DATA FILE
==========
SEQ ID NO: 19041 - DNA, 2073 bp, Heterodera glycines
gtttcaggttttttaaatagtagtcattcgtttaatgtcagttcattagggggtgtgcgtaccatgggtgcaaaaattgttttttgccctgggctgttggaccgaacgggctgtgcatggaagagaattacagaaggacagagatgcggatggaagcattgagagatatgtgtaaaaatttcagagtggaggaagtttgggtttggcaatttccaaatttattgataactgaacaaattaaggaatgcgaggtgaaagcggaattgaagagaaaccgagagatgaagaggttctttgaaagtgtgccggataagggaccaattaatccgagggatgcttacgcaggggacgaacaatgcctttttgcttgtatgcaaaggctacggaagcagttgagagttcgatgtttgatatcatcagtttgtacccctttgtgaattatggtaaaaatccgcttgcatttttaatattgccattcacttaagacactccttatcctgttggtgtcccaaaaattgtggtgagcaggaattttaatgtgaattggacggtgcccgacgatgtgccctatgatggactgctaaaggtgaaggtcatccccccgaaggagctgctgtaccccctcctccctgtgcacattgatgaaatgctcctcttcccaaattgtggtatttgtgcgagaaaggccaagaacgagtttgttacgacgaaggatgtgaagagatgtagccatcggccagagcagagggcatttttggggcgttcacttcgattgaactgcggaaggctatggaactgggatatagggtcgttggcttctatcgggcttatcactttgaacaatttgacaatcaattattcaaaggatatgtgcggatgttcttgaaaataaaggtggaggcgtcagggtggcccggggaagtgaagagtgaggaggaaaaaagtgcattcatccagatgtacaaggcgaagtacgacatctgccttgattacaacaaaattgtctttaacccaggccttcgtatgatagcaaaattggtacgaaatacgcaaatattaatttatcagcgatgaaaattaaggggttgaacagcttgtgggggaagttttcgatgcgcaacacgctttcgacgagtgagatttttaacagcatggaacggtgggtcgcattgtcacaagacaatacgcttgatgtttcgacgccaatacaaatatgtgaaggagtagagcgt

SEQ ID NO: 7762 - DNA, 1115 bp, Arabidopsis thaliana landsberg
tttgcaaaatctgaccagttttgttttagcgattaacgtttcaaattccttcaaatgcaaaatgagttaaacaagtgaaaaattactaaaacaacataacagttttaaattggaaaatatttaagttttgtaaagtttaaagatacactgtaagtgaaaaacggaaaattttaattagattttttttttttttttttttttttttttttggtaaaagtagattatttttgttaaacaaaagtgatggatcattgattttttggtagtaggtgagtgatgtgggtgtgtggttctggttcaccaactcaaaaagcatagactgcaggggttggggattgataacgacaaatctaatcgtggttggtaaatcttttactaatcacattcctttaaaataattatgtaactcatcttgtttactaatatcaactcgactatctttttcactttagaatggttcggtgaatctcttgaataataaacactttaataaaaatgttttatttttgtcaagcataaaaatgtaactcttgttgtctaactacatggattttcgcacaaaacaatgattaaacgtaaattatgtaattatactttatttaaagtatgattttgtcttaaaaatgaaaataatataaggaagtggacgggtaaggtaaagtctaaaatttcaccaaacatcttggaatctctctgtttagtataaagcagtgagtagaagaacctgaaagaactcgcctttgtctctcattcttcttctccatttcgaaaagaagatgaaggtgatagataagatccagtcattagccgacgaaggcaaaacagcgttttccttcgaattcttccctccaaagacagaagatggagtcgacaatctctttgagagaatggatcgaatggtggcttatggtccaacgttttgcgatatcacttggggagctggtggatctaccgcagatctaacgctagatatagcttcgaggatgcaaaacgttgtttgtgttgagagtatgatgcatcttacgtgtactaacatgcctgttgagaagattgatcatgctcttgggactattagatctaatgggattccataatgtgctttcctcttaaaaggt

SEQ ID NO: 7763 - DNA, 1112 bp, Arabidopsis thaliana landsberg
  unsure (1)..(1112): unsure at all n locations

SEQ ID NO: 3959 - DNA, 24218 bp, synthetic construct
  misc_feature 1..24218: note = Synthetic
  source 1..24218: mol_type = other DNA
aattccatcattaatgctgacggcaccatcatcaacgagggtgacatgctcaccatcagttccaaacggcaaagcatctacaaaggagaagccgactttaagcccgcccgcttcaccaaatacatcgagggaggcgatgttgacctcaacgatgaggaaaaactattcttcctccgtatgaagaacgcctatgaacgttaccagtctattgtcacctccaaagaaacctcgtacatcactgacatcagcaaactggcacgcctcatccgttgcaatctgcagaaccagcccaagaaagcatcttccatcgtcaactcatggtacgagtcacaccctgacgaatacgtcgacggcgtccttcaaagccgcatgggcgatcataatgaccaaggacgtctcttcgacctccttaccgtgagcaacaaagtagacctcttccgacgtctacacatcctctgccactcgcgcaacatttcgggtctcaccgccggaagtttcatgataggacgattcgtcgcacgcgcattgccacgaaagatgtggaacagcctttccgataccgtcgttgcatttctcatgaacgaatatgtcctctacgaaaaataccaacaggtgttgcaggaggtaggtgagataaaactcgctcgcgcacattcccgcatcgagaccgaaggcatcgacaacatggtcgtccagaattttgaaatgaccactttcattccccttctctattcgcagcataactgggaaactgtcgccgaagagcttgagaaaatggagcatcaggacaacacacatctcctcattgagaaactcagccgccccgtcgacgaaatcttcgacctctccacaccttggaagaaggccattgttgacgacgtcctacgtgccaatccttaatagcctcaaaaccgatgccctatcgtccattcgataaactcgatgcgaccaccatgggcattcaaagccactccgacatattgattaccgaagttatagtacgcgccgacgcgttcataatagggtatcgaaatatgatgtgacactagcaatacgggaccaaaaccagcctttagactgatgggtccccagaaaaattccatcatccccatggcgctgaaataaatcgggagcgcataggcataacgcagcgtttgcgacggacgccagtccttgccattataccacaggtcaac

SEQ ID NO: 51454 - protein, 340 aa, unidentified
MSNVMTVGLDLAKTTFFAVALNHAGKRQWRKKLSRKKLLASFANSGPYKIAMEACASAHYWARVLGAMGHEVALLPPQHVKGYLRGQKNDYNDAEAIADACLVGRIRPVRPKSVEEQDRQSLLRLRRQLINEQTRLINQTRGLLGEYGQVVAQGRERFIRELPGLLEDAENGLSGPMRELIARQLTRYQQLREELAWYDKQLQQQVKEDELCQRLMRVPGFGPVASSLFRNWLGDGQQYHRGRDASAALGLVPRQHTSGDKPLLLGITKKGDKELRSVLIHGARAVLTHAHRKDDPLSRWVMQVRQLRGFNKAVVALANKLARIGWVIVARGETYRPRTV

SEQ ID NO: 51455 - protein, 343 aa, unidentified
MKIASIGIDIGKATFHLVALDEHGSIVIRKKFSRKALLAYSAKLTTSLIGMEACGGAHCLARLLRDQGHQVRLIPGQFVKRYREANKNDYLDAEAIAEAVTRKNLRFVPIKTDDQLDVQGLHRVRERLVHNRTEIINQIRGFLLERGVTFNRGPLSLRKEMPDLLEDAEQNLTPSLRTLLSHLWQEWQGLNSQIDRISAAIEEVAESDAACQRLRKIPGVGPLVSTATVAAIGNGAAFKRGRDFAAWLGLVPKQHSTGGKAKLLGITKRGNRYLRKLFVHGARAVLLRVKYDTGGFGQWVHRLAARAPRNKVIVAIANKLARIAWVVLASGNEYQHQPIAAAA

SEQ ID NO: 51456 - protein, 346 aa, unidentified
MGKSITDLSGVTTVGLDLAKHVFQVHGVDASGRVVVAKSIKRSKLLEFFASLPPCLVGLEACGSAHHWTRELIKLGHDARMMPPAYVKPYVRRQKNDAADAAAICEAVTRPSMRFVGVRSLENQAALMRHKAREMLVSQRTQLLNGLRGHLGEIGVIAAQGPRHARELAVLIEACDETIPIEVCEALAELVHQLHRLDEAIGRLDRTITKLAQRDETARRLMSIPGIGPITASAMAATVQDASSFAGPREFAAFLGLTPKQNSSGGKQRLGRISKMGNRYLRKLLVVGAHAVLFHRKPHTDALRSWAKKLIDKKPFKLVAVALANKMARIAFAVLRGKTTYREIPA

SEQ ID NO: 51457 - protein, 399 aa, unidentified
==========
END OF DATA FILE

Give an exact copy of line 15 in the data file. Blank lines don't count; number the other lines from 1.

SEQ ID NO: 51456 - protein, 346 aa, unidentified